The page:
Height: Canadian Horses average
from 14 to 16 hands in height.
Color: Brown, black, chestnut or
bay; rarely gray.
Markings: A blaze and white
stockings are acceptable.
Physical characteristics: Long,
wavy mane and tail; strong, powerful
and agile with natural balance;
versatile, easy-keeping and hardy.
Personality: Energetic, gentle, willing.
Like many breeds, the Canadian Horse is a product of its environment. Early settlers in the North American territory of New France found themselves isolated by mountains. In 1665, King Louis XIV sent a shipment of Breton and Norman horses to assist the settlers with cultivating the land. Since England and France were at war, they had no contact with the English to the South, and therefore no opportunity for outcrossing with other bloodlines.
With regular shipments of horses coming from France until 1671, the French
colonists established a genetically distinct breed of horse that became known
as the Canadian Horse. The name was derived from the term Canadien, gener-
ally meaning “French-speaking.” It was a fitting name for a horse with origins in
France and a foundation in the French colonial area of Canada’s St. Lawrence
Valley. The strong, even-tempered, easy-keeping Canadian Horse plowed fields,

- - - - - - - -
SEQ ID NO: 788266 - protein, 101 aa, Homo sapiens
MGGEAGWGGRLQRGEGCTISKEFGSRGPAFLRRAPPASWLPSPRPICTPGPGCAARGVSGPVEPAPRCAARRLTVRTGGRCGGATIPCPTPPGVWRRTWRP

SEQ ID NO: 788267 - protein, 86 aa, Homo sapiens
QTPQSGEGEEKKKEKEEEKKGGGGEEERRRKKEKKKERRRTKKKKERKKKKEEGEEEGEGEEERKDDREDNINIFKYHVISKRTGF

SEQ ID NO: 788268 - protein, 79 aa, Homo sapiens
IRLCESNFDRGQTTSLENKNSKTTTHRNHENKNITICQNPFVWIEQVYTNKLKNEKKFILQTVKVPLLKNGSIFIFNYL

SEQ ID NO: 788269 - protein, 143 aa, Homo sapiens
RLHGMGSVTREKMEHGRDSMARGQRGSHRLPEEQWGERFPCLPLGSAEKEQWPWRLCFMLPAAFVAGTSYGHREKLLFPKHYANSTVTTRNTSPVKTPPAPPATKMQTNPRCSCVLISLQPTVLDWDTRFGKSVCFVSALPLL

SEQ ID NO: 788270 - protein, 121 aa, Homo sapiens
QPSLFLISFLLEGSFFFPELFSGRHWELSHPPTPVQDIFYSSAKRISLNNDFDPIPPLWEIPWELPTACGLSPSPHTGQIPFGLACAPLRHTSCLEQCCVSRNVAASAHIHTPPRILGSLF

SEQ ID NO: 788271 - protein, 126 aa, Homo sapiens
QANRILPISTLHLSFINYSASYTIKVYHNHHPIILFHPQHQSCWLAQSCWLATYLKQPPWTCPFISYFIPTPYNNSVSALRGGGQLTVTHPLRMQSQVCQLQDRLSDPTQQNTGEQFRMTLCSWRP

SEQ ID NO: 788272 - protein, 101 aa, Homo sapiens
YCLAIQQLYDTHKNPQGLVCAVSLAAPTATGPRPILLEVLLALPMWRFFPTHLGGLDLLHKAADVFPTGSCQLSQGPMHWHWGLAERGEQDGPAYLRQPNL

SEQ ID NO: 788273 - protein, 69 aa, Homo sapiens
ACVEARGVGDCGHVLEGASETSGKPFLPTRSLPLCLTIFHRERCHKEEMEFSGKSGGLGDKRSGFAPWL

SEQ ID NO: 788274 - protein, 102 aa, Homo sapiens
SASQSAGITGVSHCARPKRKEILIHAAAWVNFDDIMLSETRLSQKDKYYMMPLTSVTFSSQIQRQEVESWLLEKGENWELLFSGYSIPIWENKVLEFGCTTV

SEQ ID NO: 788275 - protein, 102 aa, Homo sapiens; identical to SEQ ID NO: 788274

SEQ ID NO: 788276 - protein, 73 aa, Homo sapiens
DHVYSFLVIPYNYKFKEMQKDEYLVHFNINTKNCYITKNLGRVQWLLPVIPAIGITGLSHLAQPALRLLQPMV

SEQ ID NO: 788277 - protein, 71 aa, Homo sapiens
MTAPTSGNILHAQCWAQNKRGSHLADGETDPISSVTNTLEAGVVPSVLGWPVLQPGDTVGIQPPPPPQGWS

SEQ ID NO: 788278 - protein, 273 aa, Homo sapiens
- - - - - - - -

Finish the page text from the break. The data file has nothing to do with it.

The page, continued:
pulled carriages, carried riders, and more. Its pluck and stamina earned it the
In the 1800s, the breed had earned a reputation in the United States, as Cana-
dian Horses were frequently employed along stagecoach routes in New England.
They were soon sought out by breeders seeking to improve and develop other
breeds, particularly the Morgan, American Saddlebred and Standardbred.
Today, the Canadian Horse maintains the hardiness, stamina and agility to
succeed in various driving and riding pursuits. The breed is currently on the
American Livestock Breeds Conservancy critical list, which is defined as an
estimated global population of less than 2,000. However, the advocacy of the
Canadian Horse Breeders Association is helping to improve the breed’s status,
and the future looks promising for the Little Iron Horse that could.
Visit the Canadian Horse Breeders Association at www.lechevalcanadien.ca and the
Canadian Horse Heritage and Preservation Society at www.chhaps.org to learn more.